Federal Report Cites Bank Officials in Foreclosure Surge
Managers at major banks ignored widespread errors in the foreclosure process, in some cases instructing employees to adopt make-believe titles and speed documents through the system despite internal objections, according to a wide-ranging review by federal investigators.
The banks have largely focused the blame for mistakes on low-level employees, attributing many of the problems to the surge in the volume of foreclosures after the housing market collapsed and the economy weakened in 2008.
But the report concludes that managers were aware of the problems and did nothing to correct them. The shortcuts were directed by managers in some cases, according to the report, which is by the inspector general of the Department of Housing and Urban Development.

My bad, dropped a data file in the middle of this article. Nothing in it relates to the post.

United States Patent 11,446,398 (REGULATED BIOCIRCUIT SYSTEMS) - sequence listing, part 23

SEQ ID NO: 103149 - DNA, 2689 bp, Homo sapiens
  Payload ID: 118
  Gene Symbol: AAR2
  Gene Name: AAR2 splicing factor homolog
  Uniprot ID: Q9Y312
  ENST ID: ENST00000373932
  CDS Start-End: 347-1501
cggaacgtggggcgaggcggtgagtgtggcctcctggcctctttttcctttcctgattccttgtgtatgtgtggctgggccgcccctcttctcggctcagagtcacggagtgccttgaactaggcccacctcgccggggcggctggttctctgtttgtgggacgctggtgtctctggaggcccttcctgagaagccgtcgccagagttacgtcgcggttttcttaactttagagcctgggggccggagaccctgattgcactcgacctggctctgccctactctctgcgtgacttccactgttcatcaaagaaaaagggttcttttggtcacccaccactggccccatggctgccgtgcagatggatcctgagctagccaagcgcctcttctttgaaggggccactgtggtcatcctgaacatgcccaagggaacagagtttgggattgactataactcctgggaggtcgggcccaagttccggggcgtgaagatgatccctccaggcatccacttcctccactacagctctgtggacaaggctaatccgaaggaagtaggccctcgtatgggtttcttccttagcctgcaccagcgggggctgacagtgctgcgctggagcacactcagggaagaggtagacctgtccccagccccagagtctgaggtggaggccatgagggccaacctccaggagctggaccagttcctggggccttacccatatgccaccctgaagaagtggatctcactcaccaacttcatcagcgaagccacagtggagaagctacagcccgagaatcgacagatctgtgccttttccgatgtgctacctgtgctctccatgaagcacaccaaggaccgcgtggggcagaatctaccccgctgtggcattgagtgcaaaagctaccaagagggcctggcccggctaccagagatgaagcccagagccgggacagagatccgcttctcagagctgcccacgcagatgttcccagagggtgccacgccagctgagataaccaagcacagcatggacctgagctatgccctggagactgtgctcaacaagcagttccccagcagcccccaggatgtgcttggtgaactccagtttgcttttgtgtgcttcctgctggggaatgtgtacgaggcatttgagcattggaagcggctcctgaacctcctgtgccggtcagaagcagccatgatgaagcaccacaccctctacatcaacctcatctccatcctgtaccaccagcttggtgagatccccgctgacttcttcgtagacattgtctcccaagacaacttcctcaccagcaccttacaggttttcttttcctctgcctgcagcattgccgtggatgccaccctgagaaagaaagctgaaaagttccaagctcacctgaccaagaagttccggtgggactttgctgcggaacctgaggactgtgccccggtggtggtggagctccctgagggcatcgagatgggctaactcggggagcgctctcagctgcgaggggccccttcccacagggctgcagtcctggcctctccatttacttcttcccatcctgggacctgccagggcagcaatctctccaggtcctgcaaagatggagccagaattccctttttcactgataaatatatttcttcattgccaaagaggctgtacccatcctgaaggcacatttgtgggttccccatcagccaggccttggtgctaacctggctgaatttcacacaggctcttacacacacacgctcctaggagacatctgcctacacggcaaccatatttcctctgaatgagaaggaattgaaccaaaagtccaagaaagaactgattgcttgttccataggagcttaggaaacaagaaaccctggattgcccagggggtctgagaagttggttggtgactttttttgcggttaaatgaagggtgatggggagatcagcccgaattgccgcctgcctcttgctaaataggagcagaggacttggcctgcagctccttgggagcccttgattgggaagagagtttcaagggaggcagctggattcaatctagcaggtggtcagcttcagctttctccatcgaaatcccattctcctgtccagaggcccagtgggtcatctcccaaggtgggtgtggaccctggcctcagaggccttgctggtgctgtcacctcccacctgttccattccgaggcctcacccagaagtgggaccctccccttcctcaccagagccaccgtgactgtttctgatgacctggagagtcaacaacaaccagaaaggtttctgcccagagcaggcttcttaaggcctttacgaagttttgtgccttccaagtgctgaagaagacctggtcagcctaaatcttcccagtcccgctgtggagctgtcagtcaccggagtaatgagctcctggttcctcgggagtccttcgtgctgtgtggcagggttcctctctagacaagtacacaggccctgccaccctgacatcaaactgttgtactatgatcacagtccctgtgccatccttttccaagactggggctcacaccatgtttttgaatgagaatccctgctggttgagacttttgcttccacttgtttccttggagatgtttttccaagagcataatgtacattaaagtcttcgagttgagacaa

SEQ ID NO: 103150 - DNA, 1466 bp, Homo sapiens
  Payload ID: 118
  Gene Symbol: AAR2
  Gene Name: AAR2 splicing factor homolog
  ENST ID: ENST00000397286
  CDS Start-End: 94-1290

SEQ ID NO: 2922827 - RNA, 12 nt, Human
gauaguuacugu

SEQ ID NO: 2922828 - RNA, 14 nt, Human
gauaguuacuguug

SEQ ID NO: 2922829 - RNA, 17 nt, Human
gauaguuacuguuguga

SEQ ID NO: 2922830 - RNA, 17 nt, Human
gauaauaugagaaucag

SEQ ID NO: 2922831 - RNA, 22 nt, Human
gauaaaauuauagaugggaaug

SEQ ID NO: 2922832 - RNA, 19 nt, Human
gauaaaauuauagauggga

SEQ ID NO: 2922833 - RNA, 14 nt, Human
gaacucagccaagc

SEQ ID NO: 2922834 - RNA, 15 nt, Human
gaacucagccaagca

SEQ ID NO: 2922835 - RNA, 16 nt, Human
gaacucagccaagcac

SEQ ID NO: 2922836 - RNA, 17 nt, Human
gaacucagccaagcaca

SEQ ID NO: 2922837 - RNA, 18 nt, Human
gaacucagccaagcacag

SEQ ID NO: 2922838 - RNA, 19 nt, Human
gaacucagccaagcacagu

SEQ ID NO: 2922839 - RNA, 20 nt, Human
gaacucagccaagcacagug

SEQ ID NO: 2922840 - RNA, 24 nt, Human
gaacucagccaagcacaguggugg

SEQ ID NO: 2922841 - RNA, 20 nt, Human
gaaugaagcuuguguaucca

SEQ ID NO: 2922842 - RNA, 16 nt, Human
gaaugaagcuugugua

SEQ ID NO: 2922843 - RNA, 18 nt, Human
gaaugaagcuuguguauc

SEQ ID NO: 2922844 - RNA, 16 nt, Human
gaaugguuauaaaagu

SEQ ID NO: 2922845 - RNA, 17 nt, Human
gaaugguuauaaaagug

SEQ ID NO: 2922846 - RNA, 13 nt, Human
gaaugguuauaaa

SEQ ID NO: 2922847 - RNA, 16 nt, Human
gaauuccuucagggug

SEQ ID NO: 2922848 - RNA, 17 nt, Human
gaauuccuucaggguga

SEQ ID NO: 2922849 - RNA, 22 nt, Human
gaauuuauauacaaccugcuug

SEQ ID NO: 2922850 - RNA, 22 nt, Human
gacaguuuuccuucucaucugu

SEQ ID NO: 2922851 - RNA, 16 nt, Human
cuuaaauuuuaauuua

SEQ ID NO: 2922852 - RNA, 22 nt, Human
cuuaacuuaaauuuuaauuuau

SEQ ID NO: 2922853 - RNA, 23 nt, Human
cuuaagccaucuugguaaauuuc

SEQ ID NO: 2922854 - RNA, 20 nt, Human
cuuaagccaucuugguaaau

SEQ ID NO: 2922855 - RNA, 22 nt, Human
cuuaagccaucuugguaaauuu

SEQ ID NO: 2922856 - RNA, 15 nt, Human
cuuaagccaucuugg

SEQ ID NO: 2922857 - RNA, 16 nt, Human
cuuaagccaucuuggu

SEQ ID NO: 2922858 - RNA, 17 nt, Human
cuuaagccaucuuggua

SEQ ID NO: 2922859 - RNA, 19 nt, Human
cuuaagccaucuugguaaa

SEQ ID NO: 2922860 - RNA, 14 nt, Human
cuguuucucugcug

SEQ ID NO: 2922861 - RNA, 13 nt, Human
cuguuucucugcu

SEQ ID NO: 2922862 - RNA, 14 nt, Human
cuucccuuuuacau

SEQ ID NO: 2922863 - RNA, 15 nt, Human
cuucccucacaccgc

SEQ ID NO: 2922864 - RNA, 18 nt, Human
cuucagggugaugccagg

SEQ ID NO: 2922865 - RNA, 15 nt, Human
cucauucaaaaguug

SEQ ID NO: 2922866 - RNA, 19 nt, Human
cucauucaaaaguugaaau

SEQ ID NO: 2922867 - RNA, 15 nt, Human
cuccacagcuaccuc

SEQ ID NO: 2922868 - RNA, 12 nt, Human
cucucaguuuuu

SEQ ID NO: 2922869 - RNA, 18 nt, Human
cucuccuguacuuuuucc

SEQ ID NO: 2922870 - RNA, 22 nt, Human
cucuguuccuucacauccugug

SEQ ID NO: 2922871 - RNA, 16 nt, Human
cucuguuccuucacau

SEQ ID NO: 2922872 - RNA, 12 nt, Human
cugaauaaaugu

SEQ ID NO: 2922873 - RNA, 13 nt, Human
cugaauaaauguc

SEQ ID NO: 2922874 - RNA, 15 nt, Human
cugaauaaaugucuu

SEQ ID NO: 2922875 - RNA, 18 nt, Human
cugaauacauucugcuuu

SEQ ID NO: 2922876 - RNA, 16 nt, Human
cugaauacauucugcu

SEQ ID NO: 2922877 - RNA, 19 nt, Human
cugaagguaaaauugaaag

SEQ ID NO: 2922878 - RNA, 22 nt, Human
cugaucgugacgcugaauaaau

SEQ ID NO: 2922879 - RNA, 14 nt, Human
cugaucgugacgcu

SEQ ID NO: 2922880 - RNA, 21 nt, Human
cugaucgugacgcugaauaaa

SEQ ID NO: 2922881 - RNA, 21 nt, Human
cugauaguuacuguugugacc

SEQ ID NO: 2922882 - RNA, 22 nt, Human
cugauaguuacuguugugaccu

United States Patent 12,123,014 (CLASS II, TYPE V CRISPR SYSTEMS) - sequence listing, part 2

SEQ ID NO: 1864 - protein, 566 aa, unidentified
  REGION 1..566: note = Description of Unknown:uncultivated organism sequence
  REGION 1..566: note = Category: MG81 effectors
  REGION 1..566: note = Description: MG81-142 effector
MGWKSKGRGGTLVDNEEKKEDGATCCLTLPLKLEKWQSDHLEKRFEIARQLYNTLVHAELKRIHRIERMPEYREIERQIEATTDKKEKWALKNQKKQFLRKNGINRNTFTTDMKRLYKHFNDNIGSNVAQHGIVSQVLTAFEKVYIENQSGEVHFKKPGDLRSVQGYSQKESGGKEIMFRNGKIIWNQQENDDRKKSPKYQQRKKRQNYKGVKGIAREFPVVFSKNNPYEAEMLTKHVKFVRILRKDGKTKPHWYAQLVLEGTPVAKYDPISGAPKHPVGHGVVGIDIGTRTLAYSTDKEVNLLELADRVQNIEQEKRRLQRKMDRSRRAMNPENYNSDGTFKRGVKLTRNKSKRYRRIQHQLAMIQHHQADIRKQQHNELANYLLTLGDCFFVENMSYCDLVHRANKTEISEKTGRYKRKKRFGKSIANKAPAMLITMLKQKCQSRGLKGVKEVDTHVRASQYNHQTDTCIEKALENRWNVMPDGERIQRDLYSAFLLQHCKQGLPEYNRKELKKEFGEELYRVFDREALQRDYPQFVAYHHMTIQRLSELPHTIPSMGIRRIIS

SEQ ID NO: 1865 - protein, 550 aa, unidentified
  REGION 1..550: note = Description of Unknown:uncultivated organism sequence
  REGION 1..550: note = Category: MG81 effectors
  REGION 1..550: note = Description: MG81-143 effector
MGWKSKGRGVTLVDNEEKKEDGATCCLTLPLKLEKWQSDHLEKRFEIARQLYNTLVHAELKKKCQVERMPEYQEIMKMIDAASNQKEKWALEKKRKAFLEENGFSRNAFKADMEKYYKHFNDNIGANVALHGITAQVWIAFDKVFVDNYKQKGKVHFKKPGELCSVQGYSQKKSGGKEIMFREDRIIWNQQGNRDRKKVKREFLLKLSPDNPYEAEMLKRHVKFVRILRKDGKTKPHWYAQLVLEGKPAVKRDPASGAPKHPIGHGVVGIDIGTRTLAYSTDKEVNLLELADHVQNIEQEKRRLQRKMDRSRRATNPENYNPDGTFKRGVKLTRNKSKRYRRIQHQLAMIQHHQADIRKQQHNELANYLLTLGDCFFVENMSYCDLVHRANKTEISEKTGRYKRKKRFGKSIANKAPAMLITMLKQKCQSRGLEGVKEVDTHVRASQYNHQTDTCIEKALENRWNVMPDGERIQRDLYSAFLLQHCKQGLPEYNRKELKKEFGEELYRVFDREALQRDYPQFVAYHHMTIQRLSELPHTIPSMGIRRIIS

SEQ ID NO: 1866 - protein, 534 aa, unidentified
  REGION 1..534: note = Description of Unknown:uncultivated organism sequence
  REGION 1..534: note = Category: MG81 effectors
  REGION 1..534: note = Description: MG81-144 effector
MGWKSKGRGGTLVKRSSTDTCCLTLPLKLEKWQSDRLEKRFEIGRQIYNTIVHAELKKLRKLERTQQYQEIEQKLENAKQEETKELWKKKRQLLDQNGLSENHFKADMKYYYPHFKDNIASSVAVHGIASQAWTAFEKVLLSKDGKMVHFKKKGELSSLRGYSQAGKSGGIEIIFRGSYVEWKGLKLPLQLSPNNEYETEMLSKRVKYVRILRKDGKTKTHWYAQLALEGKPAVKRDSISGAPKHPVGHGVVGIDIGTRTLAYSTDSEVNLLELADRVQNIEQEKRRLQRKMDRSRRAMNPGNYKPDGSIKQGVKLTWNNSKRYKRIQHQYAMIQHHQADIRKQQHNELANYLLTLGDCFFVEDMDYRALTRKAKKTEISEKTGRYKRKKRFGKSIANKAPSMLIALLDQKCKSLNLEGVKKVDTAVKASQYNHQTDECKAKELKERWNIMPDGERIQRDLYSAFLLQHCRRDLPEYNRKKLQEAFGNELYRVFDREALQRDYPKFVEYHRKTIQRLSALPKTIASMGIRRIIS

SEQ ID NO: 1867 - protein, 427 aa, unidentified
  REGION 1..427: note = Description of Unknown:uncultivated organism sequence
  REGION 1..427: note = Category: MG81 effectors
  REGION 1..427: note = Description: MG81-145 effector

The examination is among the most extensive to date of the banks’ foreclosure practices, which caused a national uproar and prompted a $25 billion settlement between the banks and the government that was filed in federal court Monday.
“I believe the reports we just released will leave the reader asking one question — how could so many people have participated in this misconduct?” David Montoya, the inspector general of the housing department, said in a statement. “The answer — simple greed.”